In Praise of Randomness

Random can be good. Random can lead you to discovering new things. Random can take you out of your safety zone and into new, sometimes uncomfortable worlds. Random is a way of forcing yourself to adapt. To explore. To try new things.

In the world we live in, randomness is no longer normal.

We live in time of great irony. Every book you want is available at your doorstep the next day. Every song you want to hear is on your Spotify playlist. Every movie you want to watch is probably streaming somewhere. Yet it all tends to get really boring. Worse, it tends to make YOU really boring.

By having everything you know you already like in front of you, its increasingly easy not to bother with anything new. Not new, as in just came out. New to you. New to your sensibilities. New to your way of looking at the world.

My strongest personal example of this is books. I am a huge Amazon user. I have totally bought into their ecosystem of rewards credit cards, free prime video and heavily-discounted music streaming services. I buy a lot of crap from Amazon.

Clearly there is a downside to this. Several, in fact. To begin with, there is the impact of letting Amazon catalog my every taste and every habit. Not to mention the fears of Alexa turning into a DEMON SEED-like evil.

However, there is also another great loss. Amazon lets me stick to things I know I already I like. Its very powerful set of algorithms actually encourages it.

Knowing this doesn’t stop me from using Amazon, of course. For instance, I still order books by Haruki Murakami and some of my other favorite authors the moment they come out in paperback. Or vinyl releases of CDs I know and love but want in their proper format. But I try to resist doing it too much. In spite of Amazon’s constant reminders not to stray.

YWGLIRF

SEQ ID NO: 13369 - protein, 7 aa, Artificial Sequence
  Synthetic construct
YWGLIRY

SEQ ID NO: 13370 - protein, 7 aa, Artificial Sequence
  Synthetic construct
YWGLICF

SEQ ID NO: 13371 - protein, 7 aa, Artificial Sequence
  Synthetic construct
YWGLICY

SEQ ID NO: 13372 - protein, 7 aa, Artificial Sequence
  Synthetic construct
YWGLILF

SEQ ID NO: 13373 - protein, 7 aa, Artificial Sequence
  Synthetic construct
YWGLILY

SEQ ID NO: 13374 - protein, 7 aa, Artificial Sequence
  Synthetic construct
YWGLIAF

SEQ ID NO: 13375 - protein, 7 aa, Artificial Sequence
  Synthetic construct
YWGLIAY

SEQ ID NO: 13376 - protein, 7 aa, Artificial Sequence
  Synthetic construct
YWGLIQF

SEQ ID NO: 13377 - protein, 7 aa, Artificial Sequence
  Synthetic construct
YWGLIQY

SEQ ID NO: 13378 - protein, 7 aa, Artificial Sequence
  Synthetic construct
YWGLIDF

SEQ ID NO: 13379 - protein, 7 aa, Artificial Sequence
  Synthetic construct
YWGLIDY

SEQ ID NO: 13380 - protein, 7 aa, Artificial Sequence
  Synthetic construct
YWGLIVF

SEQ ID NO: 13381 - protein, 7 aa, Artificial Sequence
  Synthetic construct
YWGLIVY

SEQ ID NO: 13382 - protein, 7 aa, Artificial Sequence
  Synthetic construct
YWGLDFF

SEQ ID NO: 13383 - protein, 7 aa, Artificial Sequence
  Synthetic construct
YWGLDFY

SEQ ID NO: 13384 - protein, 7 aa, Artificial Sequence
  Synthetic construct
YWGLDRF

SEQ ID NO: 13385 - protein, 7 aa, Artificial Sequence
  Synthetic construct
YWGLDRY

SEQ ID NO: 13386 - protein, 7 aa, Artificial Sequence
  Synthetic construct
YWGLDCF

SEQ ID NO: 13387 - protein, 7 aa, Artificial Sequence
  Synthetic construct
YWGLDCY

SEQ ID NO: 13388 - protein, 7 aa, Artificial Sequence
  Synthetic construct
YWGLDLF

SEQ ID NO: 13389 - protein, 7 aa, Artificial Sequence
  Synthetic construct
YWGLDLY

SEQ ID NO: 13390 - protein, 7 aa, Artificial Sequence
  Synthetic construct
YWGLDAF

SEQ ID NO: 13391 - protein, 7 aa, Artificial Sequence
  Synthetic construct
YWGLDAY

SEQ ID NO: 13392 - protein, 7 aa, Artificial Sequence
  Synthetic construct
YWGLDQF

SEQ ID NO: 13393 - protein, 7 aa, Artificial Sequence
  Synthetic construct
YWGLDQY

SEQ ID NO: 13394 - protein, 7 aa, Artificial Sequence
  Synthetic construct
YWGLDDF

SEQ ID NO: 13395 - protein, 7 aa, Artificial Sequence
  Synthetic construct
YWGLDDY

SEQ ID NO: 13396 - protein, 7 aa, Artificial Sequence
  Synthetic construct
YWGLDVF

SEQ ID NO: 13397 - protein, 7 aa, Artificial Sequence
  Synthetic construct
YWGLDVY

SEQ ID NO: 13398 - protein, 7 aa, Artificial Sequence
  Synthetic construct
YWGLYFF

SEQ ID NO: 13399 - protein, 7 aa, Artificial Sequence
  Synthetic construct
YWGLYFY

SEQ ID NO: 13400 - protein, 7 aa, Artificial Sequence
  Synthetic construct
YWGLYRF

One of my biggest escapes is a used book store. The fact that I have a bookstore of any sort that I can walk to is a much appreciated miracle. Even more strange is the fact that it carries a huge selection of mostly used books.

As good as a selection that it is, however, they often don’t have the things I go in hoping to find. And that’s a beautiful thing.

The reason is that after checking on four of five authors I have on my “to read” list it becomes time to improvise. I need something to read. I am surrounded by books. I will try my utmost to find something interesting enough to fill that immediate need.

It doesn’t always work. I’ve looked at books in the store and thought they would be amazing. Then I’ve read 50 pages and realized I’ve made a grave error. Sometimes, it’s because the books just don’t seem very good to me. More often, they are just not to my taste or suit my mood at the time.

That result is shockingly rare. I’ve had far more “wins” than “losses.” Often, I pick authors I have heard of but know little about. They are just a name.

In fact, my familiarity with Cheever, John O’Hara, Ayn Rand and Celine is due far more to this bookstore than to my formal education. And that doesn’t even begin to cover more contemporary authors like Fuminori Nakamora, Colson Whitehead Michel Houellebecq, Ryu Murakami and Carlo Lucarelli.

My point isn’t to brag about my reading list here. Or to fess up to my glaring lack of reading so many great works earlier in my life. It’s to point out that I may have never gotten around to reading ANY of these authors if it were not for pure chance. On some particular day, books I had hoped to purchase weren’t available but they had books by these authors in stock. So, I bought those instead.

It’s kind of like a kid demanding hot dogs for dinner every night and getting served other meals instead. He might kick and scream at first because he wanted more hot dogs. But maybe, just maybe, that weird fish thing will turn out to be his new favorite.

My main point is this. It is the very lack of selection which has allowed me to expand my horizons. Not giving me what I want when I wanted it has been the best thing imaginable.

It has been good for my book collection. It’s been good for my writing. Most of all, it has been good for my soul.

So, here’s to you randomness. May lack of time, laziness or technology never take you away!